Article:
My Drupal 6 site has been running smoothly for years but recently has experienced intermittent periods of extreme slowness (10-60 sec page loads). Several hours of slowness followed by hours of normal (4-6 sec) page loads. The page always loads with no error, just sometimes takes forever.

------Edit----- Updated Question:

How can I troubleshoot this problem?

I've used:

  1. webpagetest.org
  2. windows task manager
  3. netstat
  4. apache and windows logs
  5. Firewall packet capture

------End edit-----------

My setup:

  • Windows Server 2003

  • Apache/2.2.15 (Win32) Jrun/4.0

  • PHP 5 MySql 5.1

  • Drupal 6

  • Cold fusion 9

  • Vmware virtual environment

  • DMZ behind a corporate firewall

  • Traffic: 1-3 hits/sec avg


  • No applicable errors in apache error log

  • No errors in drupal event log

  • Drupal devel module shows 242 queries in 366.23 milliseconds,page execution time 2069.62 ms. (So it looks like queries and php scripts are not the problem)

  • NO unusually high CPU, memory, or disk IO

  • Cold fusion apps, and other static pages outside of drupal also load slow

  • webpagetest.org test shows very high time-to-first-byte

The problem seems to be with Apache responding to requests, but previously I've only seen this behavior under 100% cpu load. Judging solely by resource monitoring, it looks as though very little is going on.

Here is the kicker - roughly half of the site's access comes from our LAN, but if I disable the firewall rule and block access from outside of our network, internal (LAN) access (1000+ devices) is speedy. But as soon as outside access is restored the site is crippled.

Apache config? Crawlers/bots? Attackers? I'm at the end of my rope, where should I be looking to determine where the problem lies?


Attached a waterfall chart from webpagetest.org showing a 15 second load time, I've seen times as high as several minutes. And again, the server runs fine much of the time. The green areas indicate that the browser has sent a request and is waiting to recieve the first byte of data back from the server. This is certainly a back-end delay, but it is puzzling that the CPU is barely used during this slowness.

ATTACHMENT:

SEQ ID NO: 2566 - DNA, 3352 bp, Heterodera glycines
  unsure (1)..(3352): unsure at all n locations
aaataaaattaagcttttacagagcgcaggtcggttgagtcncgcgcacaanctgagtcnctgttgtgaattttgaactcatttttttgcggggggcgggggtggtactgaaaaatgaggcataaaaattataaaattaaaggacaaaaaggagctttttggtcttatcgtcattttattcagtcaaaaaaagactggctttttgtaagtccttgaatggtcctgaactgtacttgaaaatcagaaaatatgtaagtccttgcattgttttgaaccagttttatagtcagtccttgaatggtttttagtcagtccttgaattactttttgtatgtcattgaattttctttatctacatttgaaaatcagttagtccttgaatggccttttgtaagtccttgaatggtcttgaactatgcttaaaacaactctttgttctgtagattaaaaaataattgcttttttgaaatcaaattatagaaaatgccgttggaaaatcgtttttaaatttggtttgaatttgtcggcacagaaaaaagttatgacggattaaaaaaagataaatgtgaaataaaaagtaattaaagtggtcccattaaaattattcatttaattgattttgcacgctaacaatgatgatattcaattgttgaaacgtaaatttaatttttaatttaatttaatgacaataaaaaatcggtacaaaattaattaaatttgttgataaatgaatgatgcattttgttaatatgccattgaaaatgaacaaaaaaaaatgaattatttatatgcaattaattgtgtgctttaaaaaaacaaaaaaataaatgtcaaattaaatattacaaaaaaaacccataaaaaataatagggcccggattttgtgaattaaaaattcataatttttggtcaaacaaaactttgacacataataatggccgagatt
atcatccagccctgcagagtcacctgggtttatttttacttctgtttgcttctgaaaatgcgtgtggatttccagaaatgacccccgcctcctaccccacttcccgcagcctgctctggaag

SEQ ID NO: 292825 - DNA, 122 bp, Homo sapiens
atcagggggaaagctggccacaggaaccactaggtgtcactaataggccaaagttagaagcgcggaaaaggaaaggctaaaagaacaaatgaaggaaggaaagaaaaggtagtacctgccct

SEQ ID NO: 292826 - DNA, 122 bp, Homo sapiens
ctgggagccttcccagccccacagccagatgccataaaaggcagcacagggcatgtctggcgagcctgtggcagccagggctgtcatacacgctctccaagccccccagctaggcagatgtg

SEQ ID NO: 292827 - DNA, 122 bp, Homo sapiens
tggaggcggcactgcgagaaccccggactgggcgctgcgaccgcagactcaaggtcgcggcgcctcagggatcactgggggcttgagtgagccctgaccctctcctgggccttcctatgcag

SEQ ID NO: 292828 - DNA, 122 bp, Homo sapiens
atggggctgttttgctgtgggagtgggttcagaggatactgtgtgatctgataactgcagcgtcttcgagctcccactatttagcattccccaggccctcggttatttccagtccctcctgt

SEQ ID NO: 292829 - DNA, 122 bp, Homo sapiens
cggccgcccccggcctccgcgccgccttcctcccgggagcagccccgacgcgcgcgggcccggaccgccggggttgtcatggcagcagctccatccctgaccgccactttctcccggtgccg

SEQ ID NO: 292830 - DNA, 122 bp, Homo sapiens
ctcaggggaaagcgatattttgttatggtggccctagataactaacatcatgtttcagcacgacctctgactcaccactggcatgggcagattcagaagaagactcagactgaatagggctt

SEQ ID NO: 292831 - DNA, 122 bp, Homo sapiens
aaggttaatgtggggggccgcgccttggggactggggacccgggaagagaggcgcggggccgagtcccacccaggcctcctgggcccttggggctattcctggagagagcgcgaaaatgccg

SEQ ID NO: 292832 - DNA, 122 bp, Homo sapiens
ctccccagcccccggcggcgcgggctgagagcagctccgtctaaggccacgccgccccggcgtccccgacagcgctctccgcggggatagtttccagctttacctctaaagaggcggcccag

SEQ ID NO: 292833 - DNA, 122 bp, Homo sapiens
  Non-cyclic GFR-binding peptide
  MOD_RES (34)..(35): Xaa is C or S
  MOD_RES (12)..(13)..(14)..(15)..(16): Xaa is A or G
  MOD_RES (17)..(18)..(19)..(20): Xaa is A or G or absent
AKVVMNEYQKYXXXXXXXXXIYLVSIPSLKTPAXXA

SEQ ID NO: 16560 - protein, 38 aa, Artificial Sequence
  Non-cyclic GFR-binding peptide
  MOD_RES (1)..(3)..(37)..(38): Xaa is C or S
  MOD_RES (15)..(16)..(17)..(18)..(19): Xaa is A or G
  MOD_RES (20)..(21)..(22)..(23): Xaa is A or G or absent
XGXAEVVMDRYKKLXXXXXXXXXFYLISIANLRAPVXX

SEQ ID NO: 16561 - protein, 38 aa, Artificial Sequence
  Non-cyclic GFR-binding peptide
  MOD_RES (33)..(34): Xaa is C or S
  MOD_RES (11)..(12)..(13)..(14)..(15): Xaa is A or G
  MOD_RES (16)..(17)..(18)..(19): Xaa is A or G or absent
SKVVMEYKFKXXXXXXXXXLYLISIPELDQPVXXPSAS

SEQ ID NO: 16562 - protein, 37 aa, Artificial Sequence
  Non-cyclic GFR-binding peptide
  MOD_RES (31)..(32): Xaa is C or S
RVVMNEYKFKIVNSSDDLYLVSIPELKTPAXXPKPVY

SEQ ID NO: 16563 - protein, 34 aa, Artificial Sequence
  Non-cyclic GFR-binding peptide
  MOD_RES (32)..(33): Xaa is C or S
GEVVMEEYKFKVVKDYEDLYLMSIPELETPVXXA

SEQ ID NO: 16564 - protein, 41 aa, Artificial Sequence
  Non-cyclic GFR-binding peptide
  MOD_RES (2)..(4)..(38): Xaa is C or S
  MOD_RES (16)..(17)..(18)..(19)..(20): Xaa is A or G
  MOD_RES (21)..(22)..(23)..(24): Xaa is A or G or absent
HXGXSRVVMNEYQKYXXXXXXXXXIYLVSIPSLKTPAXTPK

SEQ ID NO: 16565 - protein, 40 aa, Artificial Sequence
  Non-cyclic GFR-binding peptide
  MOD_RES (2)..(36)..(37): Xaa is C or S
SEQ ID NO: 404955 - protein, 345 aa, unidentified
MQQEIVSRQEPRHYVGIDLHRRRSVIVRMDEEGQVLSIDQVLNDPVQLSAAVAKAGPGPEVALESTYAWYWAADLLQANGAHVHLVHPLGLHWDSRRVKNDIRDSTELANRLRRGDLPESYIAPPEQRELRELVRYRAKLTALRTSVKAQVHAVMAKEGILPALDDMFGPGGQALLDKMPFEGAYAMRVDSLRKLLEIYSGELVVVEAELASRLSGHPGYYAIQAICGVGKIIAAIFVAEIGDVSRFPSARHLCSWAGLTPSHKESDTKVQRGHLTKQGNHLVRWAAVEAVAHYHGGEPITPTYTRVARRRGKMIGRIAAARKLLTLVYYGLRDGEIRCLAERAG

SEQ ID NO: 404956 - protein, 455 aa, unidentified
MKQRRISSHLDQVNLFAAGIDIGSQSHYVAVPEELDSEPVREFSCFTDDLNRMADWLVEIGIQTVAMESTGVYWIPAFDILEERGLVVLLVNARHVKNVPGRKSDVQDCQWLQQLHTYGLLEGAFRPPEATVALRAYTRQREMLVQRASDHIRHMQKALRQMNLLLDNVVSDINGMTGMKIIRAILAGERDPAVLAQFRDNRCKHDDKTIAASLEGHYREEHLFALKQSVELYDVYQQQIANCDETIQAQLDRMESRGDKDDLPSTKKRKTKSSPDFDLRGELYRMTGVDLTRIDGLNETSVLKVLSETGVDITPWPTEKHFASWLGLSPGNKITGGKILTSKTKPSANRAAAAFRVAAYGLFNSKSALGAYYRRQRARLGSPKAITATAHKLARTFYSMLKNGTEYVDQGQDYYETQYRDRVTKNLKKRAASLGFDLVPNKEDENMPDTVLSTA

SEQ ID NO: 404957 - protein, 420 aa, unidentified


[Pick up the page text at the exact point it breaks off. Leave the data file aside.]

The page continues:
Waterfall Chart

  • Have you run your site through something like tools.pingdom.com to confirm where the bottleneck(s) occur?
    – zigojacko
    Commented Oct 31, 2013 at 8:38
  • Yes, I've used webpagetest.org. On the waterfall chart, I can see very high "time-to-first-byte" times for the initial request as well as several other head requests. Once the server responds, the page loads fairly quickly. I'll try to add an image of the waterfall chart in the morning. Commented Nov 1, 2013 at 2:43
  • Okay, is the MySQL database particularly large?
    – zigojacko
    Commented Nov 1, 2013 at 8:30
  • @Geoff Jackson The largest table is about 35k records (6.5mb), and drupal devel module shows acceptable query and page execution times. Commented Nov 1, 2013 at 12:00
  • "as soon as outside access is restored the site is crippled." - Crippled when accessed from outside, or inside goes from speedy to crippled as well? Commented Nov 1, 2013 at 13:08

1 Answer 1


After much research, I may have found the solution. If I'm correct, it was an apache config problem. Specifically, the "ThreadsPerChild" directive. See... http://httpd.apache.org/docs/2.2/platform/windows.html

Because Apache for Windows is multithreaded, it does not use a separate process for each request, as Apache can on Unix. Instead there are usually only two Apache processes running: a parent process, and a child which handles the requests. Within the child process each request is handled by a separate thread.

ThreadsPerChild: This directive is new. It tells the server how many threads it should use. This is the maximum number of connections the server can handle at once, so be sure to set this number high enough for your site if you get a lot of hits. The recommended default is ThreadsPerChild 150, but this must be adjusted to reflect the greatest anticipated number of simultaneous connections to accept.

Turns out, this directive was not set at all in my config and thus defaulted to 64. I confirmed this by viewing the number of threads for the second httpd.exe process in task manager. When the server was hitting more than 64 connections, the excess requests were simply having to wait for a thread to open up. I added ThreadsPerChild 150 in my httpd.conf.

Additionally, I enabled the apache status module http://httpd.apache.org/docs/2.2/mod/mod_status.html

...which, among other things, allows one to see the total number of active request on the server at any given moment. Right away, I could see spikes of up to 80 active request. Time will tell, but I'm confident that this will resolve my issue. So far, 30 hours without a hiccup.

Your Answer

By clicking “Post Your Answer”, you agree to our terms of service and acknowledge you have read our privacy policy.

Not the answer you're looking for? Browse other questions tagged or ask your own question.